LVR is an acronym you’ll see a lot in property news, reports and documents and is used throughout the property industry.
But what does it mean?
It’s also seen as LTV Ratio – Loan to Value Ratio.
What is LVR?
LVR is the proportion of money you borrow (loan) compared to the value of the property.
Finance lenders will examine your LVR before agreeing to give you the money needed to purchase your property as a way to assess your risk as a borrower.
The higher your LVR, the more of a risk you potentially are to your lender.
To calculate your LVR, your lender will divide the value of the property (the purchase price) by your deposit to ascertain the the amount of money you need to borrow (the loan value).
e.g. If you are buying a property which is $500,000 and you have a $100,000 deposit (20%), you would need to borrow $400,000 and your LVR would be 80%.
400,000 ÷ 500,000 = 0.8
0.8 x 10 = 80, which makes your LVR 80%.
An LVR over 80% usually indicates a deposit under 20%, which most likely means you’ll need to pay extra to secure your loan – this payment is called LMI – Lenders Mortgage Insurance.
Home loans with over 80-90% loan to value ratio (LVR) are considered quite dangerous.
The danger with a 90% home loan for a lender is that your monthly repayments and loan terms are higher than they would be if you had a 20% deposit, or more. For this reason LMI is usually charged.
Here are a few things you need to keep in mind if you have a higher LVR:
Guarantor home loans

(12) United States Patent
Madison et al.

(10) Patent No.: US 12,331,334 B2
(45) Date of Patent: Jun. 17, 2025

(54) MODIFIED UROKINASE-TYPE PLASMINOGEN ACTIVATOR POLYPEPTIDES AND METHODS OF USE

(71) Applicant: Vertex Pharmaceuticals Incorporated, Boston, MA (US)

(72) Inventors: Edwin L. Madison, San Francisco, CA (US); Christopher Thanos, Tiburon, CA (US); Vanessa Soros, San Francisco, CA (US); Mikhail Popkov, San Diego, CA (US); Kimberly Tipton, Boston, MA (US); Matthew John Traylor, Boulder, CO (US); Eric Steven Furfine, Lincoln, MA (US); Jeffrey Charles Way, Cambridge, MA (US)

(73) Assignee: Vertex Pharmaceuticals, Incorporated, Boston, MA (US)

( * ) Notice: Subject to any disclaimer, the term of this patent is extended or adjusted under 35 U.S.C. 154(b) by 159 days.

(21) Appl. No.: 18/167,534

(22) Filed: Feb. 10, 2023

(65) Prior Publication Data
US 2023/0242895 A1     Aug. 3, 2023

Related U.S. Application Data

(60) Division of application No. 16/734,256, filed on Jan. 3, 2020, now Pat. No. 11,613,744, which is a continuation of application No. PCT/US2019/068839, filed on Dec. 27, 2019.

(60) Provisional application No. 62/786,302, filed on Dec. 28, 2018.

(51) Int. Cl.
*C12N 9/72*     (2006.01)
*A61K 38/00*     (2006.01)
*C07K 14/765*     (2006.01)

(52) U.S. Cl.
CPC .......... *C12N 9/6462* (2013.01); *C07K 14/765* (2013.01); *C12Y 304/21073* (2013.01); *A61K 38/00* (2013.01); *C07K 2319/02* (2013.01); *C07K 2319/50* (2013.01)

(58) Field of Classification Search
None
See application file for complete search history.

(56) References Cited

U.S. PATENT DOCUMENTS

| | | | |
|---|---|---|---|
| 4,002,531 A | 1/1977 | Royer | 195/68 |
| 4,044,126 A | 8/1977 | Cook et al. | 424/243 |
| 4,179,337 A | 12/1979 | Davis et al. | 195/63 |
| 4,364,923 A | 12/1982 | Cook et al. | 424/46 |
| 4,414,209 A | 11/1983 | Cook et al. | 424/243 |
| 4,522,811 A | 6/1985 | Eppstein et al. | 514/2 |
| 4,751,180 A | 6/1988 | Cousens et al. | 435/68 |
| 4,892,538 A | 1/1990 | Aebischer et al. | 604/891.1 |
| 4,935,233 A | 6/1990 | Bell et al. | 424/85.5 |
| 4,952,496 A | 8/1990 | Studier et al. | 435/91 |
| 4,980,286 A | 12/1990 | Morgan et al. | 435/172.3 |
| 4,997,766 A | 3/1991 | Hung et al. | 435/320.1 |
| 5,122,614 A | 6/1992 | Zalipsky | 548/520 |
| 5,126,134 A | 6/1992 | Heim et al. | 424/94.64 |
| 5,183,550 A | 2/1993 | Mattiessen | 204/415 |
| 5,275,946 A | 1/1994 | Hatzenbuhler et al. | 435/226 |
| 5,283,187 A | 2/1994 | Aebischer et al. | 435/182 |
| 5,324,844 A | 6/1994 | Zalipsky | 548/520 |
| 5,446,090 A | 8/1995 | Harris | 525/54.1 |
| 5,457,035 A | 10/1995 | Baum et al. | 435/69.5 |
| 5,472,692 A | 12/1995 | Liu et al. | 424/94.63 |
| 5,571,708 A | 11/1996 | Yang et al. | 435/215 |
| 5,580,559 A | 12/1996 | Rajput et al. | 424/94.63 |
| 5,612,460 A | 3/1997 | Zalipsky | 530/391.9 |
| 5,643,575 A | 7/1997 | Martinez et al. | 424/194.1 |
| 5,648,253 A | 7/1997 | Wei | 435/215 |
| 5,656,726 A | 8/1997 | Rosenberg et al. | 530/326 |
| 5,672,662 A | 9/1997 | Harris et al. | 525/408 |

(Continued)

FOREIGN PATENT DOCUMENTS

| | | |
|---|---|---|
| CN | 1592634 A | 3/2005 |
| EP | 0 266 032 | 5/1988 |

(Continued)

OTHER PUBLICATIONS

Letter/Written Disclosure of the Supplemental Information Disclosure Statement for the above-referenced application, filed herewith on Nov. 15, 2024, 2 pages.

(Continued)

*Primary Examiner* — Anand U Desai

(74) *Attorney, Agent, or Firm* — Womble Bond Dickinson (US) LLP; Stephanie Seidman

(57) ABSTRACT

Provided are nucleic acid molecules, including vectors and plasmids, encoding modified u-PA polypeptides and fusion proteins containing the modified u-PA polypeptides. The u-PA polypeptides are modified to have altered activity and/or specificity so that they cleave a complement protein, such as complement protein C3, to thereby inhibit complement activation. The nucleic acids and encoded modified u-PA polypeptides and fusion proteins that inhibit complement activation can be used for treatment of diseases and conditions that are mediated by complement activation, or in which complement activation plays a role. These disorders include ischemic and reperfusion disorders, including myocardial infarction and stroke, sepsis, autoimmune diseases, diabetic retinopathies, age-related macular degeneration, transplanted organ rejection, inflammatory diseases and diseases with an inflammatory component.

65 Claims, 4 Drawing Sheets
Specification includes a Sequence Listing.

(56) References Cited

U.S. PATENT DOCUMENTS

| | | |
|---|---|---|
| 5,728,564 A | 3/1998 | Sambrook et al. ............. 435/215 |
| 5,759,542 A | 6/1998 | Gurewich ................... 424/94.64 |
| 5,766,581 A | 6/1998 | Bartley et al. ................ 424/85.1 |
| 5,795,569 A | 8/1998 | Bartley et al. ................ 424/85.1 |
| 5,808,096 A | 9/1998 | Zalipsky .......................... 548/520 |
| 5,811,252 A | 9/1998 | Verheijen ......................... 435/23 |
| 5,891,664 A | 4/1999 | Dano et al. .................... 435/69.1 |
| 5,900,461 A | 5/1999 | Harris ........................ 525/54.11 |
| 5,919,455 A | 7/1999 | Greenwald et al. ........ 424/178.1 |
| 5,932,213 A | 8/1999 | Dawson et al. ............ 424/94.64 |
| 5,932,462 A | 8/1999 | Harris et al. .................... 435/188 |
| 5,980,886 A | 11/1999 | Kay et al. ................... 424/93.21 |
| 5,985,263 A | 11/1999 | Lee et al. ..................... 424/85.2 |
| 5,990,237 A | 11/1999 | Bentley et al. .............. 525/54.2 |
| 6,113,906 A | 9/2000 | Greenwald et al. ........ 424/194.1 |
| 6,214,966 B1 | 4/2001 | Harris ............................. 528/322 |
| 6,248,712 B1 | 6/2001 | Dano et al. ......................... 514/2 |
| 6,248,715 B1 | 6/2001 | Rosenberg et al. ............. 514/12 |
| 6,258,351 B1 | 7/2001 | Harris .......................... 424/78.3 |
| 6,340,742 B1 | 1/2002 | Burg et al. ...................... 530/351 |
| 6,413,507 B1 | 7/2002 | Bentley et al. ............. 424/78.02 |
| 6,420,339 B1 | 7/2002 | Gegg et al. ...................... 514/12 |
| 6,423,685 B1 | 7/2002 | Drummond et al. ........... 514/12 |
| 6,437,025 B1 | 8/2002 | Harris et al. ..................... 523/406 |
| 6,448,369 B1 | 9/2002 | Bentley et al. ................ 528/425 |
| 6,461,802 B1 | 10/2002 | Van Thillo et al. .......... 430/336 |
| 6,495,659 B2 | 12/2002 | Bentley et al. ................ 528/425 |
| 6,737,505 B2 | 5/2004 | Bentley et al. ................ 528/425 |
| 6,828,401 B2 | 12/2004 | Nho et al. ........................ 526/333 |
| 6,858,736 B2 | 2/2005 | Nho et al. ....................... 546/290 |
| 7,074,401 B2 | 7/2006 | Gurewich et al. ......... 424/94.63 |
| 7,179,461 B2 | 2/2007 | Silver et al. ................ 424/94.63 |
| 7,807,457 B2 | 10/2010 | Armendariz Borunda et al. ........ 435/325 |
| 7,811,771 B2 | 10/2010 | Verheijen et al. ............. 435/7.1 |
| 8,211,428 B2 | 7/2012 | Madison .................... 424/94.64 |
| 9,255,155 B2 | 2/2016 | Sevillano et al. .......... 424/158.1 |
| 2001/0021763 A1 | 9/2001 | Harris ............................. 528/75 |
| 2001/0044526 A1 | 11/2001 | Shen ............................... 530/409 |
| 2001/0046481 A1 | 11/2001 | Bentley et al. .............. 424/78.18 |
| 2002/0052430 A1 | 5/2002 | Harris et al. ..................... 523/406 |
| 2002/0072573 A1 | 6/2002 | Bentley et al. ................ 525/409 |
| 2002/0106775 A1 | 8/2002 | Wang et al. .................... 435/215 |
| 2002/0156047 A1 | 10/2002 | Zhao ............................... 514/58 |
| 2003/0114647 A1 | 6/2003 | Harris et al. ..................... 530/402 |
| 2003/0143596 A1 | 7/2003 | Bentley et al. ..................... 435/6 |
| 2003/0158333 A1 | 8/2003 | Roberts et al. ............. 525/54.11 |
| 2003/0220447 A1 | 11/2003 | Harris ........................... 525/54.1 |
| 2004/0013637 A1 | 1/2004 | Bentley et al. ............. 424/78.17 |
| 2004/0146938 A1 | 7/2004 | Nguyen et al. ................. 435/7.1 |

- A family member, usually your parents, agree to use their property as a security for your loan
- Your guarantor will also be held liable if you default on the loan
- If you’re prepared to mix finances and family, make sure you are aware of how you and your guarantor’s financial position can be affected
Low deposit home loans
- Most lenders – even the big banks – only require a 5% deposit. But these types of home loans will have bigger repayments because you’re borrowing more
- You will also incur LMI and you will be adding more stamp duty costs
- A good idea is to also have extra funds to act as an emergency buffer in case interest rates rise again
- As a rule of thumb, always prepare for interest rate rises of 2-3%
Long term mortgages
- Typically, a long-term mortgage is considered to be more than 30 years
- May seem appealing because you have lower repayments
- Reality is you end up paying more because of the length of the mortgage
- e.g. If you borrowed $400,000 on a 40-year mortgage, you would pay $193,000 extra in interest than you would with the same loan but on a 30-year term (based on a 6% rate)
Whenever you’re borrowing money to purchase or refinance a home, it’s always a good idea to proceed with caution and consider the danger you pose to yourself and your family. Always compare home loans and understand all the pros and cons of the type of mortgage you choose.
originally posted on realestate.com.au